Training institutes to match local welding quality with industry demand, says expert According to Sean Blake, executive director of the South African Institute for Welding (SAIW), South Africa continues to import foreign welding skills because of the inability to meet local demand. Blake says recent discussions with Eskom confirms that more than 70% of welders who are currently working on the Medupi and Kusile power stations are from foreign countries.
“Based on our experience over the years and the feedback we receive from industry, we do believe that South Africa currently lacks sufficient artisan skills to support growth and even more so when it comes to welding skills, which forms a critical part of most manufacturing processes,” he says. The importing of welding skills remains an industry hot potato. The issue surfaced five years ago when the SAIW red-flagged a lack of welding skills not only on Eskom’s power generation projects, but also on major construction and infrastructure developments such as Transnet’s pipelines and Sasol’s petrochemical plants.
The 2012 SAIW study, led by former executive director, Jim Guild, reported welding skills imports of
30 to 40% on operating power stations, and up to 80% on new power generations projects.
Public statements by Eskom’s then-chief operating officer Dan Morokane confirmed these numbers.
He stated that in order for Eskom to meet its construction deadlines, it had to employ 75% of
welders from outside South Africa.
A study by René van Wyk from the Department of Industrial Psychology and People Management at
the University of Johannesburg, highlighted that other construction and manufacturing industries
were experiencing similar challenges. As stated in her case study, “large firms such as Grinaker-LTA and Sasol import welders from Malaysia, Ireland, India and Thailand to perform construction and maintenance work.” The problem forms part of the overall shortage of artisans in the country.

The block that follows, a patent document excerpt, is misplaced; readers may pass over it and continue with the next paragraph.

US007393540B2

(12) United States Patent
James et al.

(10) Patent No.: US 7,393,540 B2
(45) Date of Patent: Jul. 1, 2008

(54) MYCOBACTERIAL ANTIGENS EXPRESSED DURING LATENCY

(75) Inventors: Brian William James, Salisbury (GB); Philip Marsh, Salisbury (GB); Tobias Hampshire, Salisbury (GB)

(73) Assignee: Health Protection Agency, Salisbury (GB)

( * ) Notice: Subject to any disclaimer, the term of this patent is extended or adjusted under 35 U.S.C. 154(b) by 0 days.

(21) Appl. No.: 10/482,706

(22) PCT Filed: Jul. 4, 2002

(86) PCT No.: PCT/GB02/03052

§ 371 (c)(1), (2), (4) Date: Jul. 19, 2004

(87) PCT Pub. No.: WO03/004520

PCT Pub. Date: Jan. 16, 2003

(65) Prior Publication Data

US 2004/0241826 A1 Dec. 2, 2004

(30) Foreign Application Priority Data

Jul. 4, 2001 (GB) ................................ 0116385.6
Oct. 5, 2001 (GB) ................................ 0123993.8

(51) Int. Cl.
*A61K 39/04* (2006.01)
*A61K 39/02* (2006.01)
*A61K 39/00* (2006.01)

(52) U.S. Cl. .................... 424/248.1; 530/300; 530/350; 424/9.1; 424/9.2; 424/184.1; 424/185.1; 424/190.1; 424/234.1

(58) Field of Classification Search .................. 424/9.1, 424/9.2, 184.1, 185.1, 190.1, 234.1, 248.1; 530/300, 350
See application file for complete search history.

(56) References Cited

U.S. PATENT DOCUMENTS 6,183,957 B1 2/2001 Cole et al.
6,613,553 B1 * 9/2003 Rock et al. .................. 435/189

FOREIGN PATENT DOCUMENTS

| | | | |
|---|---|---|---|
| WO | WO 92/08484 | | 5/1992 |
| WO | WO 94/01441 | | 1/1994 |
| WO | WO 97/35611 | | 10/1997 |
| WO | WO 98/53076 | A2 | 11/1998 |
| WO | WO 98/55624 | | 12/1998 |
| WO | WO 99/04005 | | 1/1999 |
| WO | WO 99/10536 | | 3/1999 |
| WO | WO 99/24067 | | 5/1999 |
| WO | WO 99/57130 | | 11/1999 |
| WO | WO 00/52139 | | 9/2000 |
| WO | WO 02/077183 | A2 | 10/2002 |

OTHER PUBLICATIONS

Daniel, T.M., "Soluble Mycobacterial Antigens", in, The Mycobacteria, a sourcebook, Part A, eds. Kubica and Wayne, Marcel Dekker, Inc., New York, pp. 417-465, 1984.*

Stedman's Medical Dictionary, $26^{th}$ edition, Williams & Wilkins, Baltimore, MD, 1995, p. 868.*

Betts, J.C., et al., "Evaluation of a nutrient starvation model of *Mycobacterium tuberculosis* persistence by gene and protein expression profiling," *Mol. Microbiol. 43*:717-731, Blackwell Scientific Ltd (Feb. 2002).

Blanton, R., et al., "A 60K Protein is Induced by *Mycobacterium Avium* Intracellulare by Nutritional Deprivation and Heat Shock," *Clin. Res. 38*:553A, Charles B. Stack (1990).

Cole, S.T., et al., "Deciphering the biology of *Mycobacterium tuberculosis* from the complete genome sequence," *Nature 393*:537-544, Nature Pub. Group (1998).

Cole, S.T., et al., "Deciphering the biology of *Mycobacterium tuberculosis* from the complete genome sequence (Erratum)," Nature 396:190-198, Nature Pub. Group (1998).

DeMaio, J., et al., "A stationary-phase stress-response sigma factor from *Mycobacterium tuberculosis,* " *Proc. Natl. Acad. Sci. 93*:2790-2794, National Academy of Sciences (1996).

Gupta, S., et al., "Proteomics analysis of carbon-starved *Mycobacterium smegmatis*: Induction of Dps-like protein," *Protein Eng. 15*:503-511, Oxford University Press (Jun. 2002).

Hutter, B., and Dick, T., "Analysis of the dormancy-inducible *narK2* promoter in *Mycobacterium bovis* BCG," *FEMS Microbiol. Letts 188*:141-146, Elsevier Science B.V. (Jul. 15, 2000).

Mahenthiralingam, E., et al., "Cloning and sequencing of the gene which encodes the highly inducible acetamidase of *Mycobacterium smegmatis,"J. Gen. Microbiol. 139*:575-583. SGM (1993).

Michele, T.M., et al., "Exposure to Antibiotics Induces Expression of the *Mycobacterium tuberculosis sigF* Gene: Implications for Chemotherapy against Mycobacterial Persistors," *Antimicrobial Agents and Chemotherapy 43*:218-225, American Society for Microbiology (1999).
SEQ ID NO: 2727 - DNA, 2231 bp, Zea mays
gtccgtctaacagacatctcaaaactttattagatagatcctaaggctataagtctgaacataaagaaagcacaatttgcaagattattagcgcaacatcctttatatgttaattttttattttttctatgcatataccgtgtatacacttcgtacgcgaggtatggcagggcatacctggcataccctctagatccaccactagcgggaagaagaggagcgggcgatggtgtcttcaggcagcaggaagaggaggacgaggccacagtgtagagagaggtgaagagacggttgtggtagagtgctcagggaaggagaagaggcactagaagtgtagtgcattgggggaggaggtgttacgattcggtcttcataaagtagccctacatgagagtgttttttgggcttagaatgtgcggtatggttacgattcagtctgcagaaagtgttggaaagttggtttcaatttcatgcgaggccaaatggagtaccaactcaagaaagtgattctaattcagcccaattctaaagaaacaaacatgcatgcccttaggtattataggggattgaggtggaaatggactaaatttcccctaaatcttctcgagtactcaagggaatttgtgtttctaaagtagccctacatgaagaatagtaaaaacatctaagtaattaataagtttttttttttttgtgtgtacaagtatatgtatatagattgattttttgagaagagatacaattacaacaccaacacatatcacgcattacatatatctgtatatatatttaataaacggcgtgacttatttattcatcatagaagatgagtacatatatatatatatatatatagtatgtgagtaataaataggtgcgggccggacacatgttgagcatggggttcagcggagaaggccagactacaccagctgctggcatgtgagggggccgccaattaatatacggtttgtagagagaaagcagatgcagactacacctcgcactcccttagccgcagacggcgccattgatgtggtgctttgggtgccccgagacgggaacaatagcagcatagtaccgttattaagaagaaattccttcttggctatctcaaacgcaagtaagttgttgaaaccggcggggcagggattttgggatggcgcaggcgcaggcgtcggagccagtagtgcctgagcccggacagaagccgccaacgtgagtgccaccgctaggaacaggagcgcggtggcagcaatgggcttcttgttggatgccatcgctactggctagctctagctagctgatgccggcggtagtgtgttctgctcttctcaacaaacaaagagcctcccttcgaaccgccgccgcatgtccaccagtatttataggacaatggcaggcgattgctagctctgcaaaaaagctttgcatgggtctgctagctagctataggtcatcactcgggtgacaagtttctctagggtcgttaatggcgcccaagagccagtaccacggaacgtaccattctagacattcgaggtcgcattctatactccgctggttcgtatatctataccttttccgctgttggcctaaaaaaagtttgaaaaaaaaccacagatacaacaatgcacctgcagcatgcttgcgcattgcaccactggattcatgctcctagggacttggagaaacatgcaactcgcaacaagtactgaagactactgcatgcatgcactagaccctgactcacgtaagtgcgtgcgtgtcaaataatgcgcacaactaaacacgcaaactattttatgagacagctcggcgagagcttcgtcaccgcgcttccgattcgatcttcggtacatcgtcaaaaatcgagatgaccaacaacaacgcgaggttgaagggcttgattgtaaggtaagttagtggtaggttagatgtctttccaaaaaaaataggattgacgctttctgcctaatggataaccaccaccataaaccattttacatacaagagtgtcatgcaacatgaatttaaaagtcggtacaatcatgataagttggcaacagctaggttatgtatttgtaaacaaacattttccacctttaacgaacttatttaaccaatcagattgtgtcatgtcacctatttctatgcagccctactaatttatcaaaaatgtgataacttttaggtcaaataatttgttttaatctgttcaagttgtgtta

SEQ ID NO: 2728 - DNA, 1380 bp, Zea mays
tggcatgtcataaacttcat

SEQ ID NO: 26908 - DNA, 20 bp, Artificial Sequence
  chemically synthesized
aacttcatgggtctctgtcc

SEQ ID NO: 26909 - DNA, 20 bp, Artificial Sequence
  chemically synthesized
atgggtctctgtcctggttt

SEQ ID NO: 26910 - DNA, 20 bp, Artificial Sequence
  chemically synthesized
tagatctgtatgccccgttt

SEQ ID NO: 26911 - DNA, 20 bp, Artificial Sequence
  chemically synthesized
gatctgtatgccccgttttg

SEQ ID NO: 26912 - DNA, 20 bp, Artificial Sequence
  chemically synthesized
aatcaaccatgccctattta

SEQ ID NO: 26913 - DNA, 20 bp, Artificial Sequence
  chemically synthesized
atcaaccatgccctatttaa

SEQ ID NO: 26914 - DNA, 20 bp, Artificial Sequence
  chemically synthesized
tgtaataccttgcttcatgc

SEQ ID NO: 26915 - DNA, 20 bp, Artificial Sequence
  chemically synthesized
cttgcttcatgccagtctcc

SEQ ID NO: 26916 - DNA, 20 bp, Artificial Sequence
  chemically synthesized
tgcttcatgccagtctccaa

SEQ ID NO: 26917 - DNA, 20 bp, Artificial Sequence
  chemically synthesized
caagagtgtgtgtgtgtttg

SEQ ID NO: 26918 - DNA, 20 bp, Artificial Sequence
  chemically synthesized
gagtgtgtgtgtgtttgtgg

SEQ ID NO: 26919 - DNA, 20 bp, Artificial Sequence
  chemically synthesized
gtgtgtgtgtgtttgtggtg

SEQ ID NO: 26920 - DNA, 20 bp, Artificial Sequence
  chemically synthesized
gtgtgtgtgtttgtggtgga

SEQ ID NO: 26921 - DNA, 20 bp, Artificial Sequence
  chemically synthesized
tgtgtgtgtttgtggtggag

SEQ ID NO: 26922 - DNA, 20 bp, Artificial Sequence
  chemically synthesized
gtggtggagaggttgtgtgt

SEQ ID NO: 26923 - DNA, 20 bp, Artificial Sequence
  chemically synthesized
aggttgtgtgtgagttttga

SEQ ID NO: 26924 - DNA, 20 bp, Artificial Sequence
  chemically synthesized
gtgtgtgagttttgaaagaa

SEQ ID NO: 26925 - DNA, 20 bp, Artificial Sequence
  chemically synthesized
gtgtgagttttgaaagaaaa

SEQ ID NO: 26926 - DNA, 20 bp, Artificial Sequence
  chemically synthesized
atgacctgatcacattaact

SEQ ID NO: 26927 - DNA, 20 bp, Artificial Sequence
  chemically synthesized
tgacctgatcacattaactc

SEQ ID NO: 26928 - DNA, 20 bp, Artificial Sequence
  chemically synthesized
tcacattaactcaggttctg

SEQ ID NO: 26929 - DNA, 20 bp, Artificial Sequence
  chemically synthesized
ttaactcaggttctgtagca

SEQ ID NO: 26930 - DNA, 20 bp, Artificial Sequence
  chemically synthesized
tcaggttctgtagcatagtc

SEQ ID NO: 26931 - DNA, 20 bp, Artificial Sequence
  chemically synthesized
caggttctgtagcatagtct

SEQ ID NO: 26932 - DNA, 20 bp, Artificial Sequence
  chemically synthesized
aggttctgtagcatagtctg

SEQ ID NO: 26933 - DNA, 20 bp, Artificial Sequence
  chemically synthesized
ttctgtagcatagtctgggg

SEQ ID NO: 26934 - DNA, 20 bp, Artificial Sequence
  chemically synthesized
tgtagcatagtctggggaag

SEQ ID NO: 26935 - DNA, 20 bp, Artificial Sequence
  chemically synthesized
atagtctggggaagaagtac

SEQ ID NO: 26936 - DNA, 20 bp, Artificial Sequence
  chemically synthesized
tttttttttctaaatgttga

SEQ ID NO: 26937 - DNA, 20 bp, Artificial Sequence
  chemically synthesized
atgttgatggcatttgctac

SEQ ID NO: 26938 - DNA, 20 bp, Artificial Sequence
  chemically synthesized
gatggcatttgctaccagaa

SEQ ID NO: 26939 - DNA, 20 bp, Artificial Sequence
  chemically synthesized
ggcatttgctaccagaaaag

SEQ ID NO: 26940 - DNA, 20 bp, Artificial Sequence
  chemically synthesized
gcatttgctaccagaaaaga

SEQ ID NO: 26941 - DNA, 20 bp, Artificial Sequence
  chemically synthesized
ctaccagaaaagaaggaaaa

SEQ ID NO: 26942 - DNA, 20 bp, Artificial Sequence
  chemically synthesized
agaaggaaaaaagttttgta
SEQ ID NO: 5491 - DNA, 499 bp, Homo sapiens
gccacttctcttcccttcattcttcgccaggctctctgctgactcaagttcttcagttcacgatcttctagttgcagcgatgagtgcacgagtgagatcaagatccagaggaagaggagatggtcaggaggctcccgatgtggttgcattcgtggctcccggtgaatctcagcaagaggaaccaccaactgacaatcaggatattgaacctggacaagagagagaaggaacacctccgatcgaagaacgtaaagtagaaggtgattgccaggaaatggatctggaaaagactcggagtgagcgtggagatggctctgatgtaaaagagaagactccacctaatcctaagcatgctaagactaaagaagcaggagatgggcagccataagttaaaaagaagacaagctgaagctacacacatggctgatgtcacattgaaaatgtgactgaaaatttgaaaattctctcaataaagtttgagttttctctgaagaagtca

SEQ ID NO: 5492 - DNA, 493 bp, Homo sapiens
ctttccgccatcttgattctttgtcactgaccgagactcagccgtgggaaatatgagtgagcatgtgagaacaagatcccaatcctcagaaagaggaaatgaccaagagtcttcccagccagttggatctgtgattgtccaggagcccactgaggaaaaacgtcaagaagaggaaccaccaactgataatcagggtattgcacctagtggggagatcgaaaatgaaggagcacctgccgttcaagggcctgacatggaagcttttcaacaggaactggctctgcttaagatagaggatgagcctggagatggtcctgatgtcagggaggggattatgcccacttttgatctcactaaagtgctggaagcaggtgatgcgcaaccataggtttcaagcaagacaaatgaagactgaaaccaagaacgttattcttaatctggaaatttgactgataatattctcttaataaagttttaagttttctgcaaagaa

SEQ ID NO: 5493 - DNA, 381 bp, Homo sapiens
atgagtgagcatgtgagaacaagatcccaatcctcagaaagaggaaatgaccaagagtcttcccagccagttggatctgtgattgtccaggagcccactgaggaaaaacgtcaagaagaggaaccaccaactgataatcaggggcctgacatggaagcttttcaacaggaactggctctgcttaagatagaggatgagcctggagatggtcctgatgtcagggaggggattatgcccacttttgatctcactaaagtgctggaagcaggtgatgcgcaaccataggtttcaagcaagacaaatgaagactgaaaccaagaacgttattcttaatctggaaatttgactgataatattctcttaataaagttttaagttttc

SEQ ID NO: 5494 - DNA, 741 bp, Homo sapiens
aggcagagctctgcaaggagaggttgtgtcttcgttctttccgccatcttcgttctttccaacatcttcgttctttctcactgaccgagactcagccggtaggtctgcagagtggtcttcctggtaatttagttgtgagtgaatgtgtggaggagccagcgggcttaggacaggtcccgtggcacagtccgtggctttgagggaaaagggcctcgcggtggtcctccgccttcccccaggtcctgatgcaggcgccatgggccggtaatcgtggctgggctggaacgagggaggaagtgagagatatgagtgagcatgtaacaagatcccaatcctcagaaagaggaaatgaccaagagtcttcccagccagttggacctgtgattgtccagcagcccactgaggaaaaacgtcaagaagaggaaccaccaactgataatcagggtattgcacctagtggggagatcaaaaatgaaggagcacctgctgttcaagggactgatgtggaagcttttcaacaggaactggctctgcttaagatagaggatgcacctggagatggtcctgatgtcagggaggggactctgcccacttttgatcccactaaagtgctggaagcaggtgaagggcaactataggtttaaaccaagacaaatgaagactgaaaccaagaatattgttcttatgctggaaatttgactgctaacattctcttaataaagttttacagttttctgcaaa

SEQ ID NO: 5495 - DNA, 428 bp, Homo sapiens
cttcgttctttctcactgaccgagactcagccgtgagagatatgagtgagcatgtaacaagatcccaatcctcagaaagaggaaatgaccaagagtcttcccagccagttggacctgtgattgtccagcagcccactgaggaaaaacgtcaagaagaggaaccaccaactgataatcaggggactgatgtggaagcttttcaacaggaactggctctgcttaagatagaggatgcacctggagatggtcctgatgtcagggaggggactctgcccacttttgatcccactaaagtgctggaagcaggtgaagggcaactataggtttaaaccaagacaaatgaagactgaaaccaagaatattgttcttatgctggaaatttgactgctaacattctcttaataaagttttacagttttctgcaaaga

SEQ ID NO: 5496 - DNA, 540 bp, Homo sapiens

To respond to the shortage, South African training institutes have provided significant focus to the
development of local welding expertise, and welding schools have mushroomed across the country.
Sean Jones, managing director of the Artisan Training Institute (ATI) says although a skills injection
into the South African welding trade is critical, training academies need to maintain the quality of
training outcomes to meet demand.
He says the ATI has been actively focussing on addressing learners’ attitudes and welding competence to ensure that they perform on par with foreign labour. “Enhancing the competitiveness of our local welders require a mind shift from management, unions and artisans that embraces the common goal of growing the employability of local welders. We need to collectively match the quality of welding skills supply with that of industry’s demand, he concludes.
Industry responds with conscientious effort to grow local welders The flipside of South Africa’s welding skills shortage, is the opportunities it presents. According to Sean Jones, managing director of the Artisan Training Institute (ATI), the shortage of welders in South Africa has opened a window of opportunity for local job creation.
The South African Institute of Welders (SAIW) agrees that the welding industry poses great employment prospects for people from all levels of education, ranging from grade 12’s to post-graduates. This is because of the complex nature of South Africa’s construction and manufacturing projects, which requires equally complex welding processes.
A 2012 study by the SAIW points to the general misconception of welding skills only being required at a “lower” level. Multiple processes are used to make welds, such as TIG root welding and manual metal arc (MMA) welding. Additionally, a wide range of materials are welded in the manufacturing space, including special high temperature grades of steel, which require ultra-careful control of the welding process. South Africa’s manufacturing plants generally fall in “high hazard” categories which imply that failure of these plants will not only have significant financial consequences, but also poses safety risks.
These are some of the reasons why South Africa needs to grow its local pool of lower level and high-end welding skills – from skilled welders, supervisors, inspectors and non-destructive testing technicians, to welding technologists and welding engineers. According to Sean Blake executive director of the SAIW the training industry has made inroads to grow local welders over the past five years. “We currently have 154 companies that are certified as compliant with the ISO 3834 welding regulations as part of the Manufacturer Certification Scheme.” Blake explains that this scheme has a positive impact on recognising the need for trained, qualified and competent personnel in the field of welding.
“QCTO has furthermore developed a new welder curriculum that is well aligned with the IIW
International Welder Programme and which we believe is much better suited to the training skills
required by industry,” says Blake. The DHET has contracted SAIW to assist with the implementation of this artisan curriculum in TVET colleges. “This is a major step in the right direction, but we do believe that much more dedicated and coordinated efforts by industry, training institutions and government will be required to ensure that our country produces sufficient artisans and welders to enable future growth,” Blake concludes.
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